Permanent, fixed term and part time employment contracts are governed by both the Labour Relations Act as well as the Basic Conditions of Employment Act, which regulate the employment relationship (including rights, duties and obligations) between the employer and the employee.

Permanent employment contracts

A permanent employment contract endures indefinitely or at least until the date of retirement, subject to being terminated by resignation, mutual agreement or for reasons relating to misconduct, incapacity, or operational requirements of the employer.

Irrespective of the type of contract of employment, the Basic Conditions of Employment Act stipulates that at least the following particulars must be provided in writing to an employee at the commencement of employment:

  • the full name and address of the employer;
  • the name and occupation of the employee, or a brief description of the work for which the employee is employed;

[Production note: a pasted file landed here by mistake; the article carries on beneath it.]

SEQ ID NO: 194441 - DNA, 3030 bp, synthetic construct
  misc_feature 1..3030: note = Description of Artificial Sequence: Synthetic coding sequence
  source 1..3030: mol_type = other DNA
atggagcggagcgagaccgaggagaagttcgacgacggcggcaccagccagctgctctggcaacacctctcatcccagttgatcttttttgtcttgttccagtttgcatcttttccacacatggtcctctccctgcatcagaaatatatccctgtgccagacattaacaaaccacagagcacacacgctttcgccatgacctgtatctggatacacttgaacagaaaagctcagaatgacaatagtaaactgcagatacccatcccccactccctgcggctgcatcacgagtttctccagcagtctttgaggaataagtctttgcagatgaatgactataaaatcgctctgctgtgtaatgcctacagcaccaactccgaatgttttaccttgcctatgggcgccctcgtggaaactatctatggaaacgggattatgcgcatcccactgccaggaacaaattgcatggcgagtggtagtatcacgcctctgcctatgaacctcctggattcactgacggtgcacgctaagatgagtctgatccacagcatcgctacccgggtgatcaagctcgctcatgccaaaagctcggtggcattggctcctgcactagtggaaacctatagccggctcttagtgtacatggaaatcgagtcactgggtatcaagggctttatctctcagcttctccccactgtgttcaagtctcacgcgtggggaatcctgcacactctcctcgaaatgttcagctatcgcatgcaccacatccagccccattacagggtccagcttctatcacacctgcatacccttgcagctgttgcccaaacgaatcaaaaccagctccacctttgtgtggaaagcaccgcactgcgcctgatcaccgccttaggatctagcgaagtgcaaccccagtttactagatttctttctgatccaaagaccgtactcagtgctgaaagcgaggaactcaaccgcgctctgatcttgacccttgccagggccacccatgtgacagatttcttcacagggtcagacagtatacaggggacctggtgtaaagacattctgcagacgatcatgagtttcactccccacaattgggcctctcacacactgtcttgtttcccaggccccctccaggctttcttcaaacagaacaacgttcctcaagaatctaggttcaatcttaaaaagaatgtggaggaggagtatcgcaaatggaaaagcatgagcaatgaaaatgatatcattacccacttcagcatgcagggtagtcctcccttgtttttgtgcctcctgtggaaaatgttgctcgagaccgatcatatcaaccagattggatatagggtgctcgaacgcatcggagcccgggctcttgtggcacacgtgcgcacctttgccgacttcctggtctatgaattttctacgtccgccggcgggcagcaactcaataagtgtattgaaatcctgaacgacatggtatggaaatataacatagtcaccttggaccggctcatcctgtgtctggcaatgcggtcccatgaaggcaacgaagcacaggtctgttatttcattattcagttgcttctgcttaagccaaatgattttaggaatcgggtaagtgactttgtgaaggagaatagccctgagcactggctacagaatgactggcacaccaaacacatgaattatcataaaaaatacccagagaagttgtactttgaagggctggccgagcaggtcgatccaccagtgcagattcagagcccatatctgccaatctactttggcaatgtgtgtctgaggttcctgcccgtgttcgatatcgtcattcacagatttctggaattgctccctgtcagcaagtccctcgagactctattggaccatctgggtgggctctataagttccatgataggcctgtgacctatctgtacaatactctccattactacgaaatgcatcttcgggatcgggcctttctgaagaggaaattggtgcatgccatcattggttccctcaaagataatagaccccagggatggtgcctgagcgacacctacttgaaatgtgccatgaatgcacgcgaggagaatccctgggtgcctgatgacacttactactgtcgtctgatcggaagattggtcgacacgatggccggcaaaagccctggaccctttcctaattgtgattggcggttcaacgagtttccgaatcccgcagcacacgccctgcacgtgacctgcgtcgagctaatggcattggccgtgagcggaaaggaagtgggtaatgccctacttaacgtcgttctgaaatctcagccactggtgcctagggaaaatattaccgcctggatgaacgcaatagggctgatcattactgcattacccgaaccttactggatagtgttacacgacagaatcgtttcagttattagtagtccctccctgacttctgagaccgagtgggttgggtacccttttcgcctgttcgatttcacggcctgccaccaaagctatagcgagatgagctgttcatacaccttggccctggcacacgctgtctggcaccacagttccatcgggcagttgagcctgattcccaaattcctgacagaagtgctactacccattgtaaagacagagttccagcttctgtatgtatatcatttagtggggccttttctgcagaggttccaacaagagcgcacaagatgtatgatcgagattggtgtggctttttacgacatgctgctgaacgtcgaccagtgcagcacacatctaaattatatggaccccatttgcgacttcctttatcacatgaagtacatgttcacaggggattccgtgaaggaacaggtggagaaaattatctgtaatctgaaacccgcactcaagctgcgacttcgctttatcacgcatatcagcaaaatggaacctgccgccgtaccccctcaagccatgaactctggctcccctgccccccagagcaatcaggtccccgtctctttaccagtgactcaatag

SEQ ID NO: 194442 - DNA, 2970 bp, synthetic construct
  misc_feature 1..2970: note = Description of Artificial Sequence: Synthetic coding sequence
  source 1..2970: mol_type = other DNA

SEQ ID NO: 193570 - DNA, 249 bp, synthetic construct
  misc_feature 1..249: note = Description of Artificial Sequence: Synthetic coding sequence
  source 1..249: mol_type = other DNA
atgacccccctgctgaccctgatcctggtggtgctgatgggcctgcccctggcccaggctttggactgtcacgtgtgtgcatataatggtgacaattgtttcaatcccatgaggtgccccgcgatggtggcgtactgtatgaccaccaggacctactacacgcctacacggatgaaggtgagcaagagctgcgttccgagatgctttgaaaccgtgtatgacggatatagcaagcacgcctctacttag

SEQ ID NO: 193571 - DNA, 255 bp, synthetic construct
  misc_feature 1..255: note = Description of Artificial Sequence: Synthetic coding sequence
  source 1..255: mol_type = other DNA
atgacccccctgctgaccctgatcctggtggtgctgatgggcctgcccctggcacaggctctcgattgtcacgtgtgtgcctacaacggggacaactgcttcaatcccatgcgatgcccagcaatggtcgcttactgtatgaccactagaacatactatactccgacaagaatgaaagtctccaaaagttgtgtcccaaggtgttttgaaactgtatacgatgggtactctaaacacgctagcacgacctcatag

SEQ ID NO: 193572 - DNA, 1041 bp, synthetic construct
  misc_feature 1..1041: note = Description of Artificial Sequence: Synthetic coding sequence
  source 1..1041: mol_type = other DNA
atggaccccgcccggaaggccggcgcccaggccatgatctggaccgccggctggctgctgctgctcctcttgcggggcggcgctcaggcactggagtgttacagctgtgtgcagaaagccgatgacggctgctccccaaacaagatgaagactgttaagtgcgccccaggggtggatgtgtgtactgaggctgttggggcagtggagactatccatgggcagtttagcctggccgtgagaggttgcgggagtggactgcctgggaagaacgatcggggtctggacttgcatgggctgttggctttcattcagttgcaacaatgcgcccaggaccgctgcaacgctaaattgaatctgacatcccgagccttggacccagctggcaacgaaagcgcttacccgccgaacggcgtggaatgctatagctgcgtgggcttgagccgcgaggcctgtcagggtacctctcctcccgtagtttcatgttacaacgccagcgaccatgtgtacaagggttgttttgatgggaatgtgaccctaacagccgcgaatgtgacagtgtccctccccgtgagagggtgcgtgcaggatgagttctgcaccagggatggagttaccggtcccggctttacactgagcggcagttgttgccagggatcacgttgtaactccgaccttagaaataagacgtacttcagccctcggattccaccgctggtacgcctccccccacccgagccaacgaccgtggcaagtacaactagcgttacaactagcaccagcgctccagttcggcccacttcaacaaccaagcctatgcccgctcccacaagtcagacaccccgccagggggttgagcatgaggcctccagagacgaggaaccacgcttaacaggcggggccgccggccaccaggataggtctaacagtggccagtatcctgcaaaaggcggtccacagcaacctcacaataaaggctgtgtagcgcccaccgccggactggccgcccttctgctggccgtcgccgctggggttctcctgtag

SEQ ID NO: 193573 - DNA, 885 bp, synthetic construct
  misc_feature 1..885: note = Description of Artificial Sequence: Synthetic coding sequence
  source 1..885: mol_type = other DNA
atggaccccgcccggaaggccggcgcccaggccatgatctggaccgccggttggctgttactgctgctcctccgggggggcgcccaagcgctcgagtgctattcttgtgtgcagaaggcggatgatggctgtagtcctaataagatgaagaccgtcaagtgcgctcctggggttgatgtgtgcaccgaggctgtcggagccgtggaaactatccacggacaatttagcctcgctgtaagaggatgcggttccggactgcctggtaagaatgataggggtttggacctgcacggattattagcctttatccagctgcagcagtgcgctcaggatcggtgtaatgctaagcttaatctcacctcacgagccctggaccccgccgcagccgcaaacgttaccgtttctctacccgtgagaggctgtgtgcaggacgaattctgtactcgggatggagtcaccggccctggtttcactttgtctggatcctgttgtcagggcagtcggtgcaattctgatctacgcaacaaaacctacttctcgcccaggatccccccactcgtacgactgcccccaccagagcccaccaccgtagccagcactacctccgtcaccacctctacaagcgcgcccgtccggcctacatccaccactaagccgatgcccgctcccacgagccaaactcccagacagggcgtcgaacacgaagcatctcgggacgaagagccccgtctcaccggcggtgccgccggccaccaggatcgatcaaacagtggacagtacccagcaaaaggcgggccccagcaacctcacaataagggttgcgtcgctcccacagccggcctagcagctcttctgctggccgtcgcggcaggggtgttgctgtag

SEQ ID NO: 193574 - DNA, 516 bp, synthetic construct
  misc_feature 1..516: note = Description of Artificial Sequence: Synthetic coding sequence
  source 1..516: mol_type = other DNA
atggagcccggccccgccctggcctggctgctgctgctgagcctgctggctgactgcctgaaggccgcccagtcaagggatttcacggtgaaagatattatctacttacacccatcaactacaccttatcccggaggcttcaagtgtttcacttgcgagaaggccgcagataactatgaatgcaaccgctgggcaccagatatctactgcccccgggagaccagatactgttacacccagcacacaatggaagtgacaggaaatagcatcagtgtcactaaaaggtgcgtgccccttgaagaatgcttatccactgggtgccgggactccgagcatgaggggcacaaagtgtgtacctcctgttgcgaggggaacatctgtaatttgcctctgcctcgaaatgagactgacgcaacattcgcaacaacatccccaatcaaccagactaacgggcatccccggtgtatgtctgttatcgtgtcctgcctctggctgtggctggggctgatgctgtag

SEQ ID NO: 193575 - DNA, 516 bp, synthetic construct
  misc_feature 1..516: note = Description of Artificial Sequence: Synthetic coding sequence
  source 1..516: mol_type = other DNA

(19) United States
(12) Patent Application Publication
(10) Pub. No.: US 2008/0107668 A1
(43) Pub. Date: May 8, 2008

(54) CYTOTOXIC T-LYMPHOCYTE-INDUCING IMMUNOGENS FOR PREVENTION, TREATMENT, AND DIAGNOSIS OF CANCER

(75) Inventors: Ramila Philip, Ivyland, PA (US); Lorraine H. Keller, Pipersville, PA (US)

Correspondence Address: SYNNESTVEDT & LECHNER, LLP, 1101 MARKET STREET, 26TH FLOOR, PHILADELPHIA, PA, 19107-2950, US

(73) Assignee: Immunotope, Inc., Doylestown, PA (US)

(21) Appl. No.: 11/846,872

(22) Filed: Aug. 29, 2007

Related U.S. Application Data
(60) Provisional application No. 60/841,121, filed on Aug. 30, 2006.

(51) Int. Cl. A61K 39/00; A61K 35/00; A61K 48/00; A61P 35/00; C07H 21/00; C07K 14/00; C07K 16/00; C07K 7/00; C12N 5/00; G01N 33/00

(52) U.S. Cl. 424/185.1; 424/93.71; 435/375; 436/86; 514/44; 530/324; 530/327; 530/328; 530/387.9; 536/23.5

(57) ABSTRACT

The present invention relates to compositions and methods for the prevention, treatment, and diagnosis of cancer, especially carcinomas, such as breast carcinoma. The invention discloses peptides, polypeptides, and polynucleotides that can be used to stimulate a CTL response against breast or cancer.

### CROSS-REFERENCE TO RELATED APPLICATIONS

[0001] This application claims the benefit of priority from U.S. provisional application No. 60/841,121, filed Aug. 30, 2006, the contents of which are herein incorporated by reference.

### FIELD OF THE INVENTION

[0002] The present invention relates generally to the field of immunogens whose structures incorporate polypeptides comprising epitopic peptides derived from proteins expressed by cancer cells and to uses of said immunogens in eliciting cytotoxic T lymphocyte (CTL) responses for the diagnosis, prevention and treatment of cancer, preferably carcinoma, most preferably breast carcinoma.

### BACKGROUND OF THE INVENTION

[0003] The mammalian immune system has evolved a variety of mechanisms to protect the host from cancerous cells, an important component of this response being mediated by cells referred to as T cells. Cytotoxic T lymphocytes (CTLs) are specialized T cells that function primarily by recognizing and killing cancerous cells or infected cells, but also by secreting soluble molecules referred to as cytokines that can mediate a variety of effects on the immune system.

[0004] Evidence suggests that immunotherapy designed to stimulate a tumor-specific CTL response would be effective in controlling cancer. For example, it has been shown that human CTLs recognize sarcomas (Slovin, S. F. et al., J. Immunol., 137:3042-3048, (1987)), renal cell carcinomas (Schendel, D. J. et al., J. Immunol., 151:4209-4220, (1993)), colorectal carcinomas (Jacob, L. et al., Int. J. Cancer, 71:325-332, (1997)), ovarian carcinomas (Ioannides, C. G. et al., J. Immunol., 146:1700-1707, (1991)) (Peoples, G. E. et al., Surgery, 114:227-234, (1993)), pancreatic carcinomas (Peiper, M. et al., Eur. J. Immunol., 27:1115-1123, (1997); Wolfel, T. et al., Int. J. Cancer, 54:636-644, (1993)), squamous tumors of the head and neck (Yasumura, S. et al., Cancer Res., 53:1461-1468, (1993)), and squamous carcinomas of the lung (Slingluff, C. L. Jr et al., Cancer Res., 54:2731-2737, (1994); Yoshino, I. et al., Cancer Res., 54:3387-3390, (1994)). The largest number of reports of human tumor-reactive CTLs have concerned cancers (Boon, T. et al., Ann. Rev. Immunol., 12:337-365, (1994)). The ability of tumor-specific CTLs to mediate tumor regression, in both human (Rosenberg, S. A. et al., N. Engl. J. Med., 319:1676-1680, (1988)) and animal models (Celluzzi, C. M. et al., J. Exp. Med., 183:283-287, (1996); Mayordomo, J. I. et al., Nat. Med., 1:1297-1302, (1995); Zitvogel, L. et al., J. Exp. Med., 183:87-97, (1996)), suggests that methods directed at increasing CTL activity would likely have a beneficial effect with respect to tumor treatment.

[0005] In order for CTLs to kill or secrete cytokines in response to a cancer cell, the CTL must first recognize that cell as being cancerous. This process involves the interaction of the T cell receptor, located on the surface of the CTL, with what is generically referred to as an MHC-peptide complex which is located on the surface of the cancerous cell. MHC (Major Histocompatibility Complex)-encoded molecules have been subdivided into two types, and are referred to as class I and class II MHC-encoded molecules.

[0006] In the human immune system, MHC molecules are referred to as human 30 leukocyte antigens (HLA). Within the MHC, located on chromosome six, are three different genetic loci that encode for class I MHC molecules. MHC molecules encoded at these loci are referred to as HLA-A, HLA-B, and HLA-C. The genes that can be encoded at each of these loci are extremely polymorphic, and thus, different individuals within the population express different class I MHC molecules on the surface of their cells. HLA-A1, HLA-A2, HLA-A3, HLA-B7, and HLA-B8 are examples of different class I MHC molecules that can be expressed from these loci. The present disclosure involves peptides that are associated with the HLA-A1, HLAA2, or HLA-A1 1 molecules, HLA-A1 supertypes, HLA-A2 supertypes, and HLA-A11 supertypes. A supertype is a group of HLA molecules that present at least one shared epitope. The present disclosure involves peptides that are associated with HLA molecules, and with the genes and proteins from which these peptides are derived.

• the place of work, and whether the employee is required or permitted to work at various places;
  • the date on which the employment began;
  • the employee’s ordinary hours and days of work;
  • the employee’s wage or the rate and method of calculating wages;
  • the rate of pay for overtime work;
  • any other cash payments to which the employee is entitled;
  • any payment in kind that the employee is entitled to and the value of the payment in kind;
  • how frequently remuneration will be paid;
  • any deductions to be made from the employee’s remuneration;
  • the leave to which the employee is entitled;
  • the period of notice required to terminate employment, or if employment is for a specified period, the date when employment is to terminate;
  • a description of any council or sectoral determination which covers the employer’s business;
  • any period of employment with a previous employer that counts towards the employee’s period of employment.
  • a list of any other documents that form part of the contract of employment, indicating a place that is reasonably accessible to the employee where a copy of each may be obtained

In addition to the above and irrespective of the type of contract of employment, the Basic Conditions of Employment Act also provides certain mandatory minimum standards of employment including, including inter alia, leave, hours of work, maternity leave and notice periods.